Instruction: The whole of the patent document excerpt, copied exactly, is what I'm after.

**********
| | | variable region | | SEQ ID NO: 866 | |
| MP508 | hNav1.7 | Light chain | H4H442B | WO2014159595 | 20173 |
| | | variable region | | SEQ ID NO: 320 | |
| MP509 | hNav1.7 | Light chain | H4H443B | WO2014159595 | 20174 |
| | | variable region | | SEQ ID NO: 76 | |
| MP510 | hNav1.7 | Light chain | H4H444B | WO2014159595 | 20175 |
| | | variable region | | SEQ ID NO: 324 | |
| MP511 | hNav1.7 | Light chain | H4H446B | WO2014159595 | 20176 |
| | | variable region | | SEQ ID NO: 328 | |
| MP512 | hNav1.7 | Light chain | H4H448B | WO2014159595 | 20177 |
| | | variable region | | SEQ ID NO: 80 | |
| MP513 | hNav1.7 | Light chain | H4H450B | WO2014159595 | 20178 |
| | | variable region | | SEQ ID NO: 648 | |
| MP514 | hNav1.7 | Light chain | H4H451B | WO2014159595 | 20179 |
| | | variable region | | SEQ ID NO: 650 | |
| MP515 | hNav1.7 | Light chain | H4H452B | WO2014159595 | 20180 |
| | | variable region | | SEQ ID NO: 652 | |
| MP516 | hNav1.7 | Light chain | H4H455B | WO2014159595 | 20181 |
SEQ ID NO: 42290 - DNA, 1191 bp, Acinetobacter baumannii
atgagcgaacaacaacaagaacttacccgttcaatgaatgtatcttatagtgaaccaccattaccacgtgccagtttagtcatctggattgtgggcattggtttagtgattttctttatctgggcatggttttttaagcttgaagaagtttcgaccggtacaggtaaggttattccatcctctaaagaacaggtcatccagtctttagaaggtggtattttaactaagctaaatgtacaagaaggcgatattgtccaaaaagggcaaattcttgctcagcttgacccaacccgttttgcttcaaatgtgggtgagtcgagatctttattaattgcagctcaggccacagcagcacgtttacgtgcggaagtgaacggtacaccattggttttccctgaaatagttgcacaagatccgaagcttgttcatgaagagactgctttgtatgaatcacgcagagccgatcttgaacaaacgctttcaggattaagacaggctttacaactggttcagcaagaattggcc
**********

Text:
| | | variable region | | SEQ ID NO: 866 | |
| MP508 | hNav1.7 | Light chain | H4H442B | WO2014159595 | 20173 |
| | | variable region | | SEQ ID NO: 320 | |
| MP509 | hNav1.7 | Light chain | H4H443B | WO2014159595 | 20174 |
| | | variable region | | SEQ ID NO: 76 | |
| MP510 | hNav1.7 | Light chain | H4H444B | WO2014159595 | 20175 |
| | | variable region | | SEQ ID NO: 324 | |
| MP511 | hNav1.7 | Light chain | H4H446B | WO2014159595 | 20176 |
| | | variable region | | SEQ ID NO: 328 | |
| MP512 | hNav1.7 | Light chain | H4H448B | WO2014159595 | 20177 |
| | | variable region | | SEQ ID NO: 80 | |
| MP513 | hNav1.7 | Light chain | H4H450B | WO2014159595 | 20178 |
| | | variable region | | SEQ ID NO: 648 | |
| MP514 | hNav1.7 | Light chain | H4H451B | WO2014159595 | 20179 |
| | | variable region | | SEQ ID NO: 650 | |
| MP515 | hNav1.7 | Light chain | H4H452B | WO2014159595 | 20180 |
| | | variable region | | SEQ ID NO: 652 | |
| MP516 | hNav1.7 | Light chain | H4H455B | WO2014159595 | 20181 |
SEQ ID NO: 42290 - DNA, 1191 bp, Acinetobacter baumannii
atgagcgaacaacaacaagaacttacccgttcaatgaatgtatcttatagtgaaccaccattaccacgtgccagtttagtcatctggattgtgggcattggtttagtgattttctttatctgggcatggttttttaagcttgaagaagtttcgaccggtacaggtaaggttattccatcctctaaagaacaggtcatccagtctttagaaggtggtattttaactaagctaaatgtacaagaaggcgatattgtccaaaaagggcaaattcttgctcagcttgacccaacccgttttgcttcaaatgtgggtgagtcgagatctttattaattgcagctcaggccacagcagcacgtttacgtgcggaagtgaacggtacaccattggttttccctgaaatagttgcacaagatccgaagcttgttcatgaagagactgctttgtatgaatcacgcagagccgatcttgaacaaacgctttcaggattaagacaggctttacaactggttcagcaagaattggcc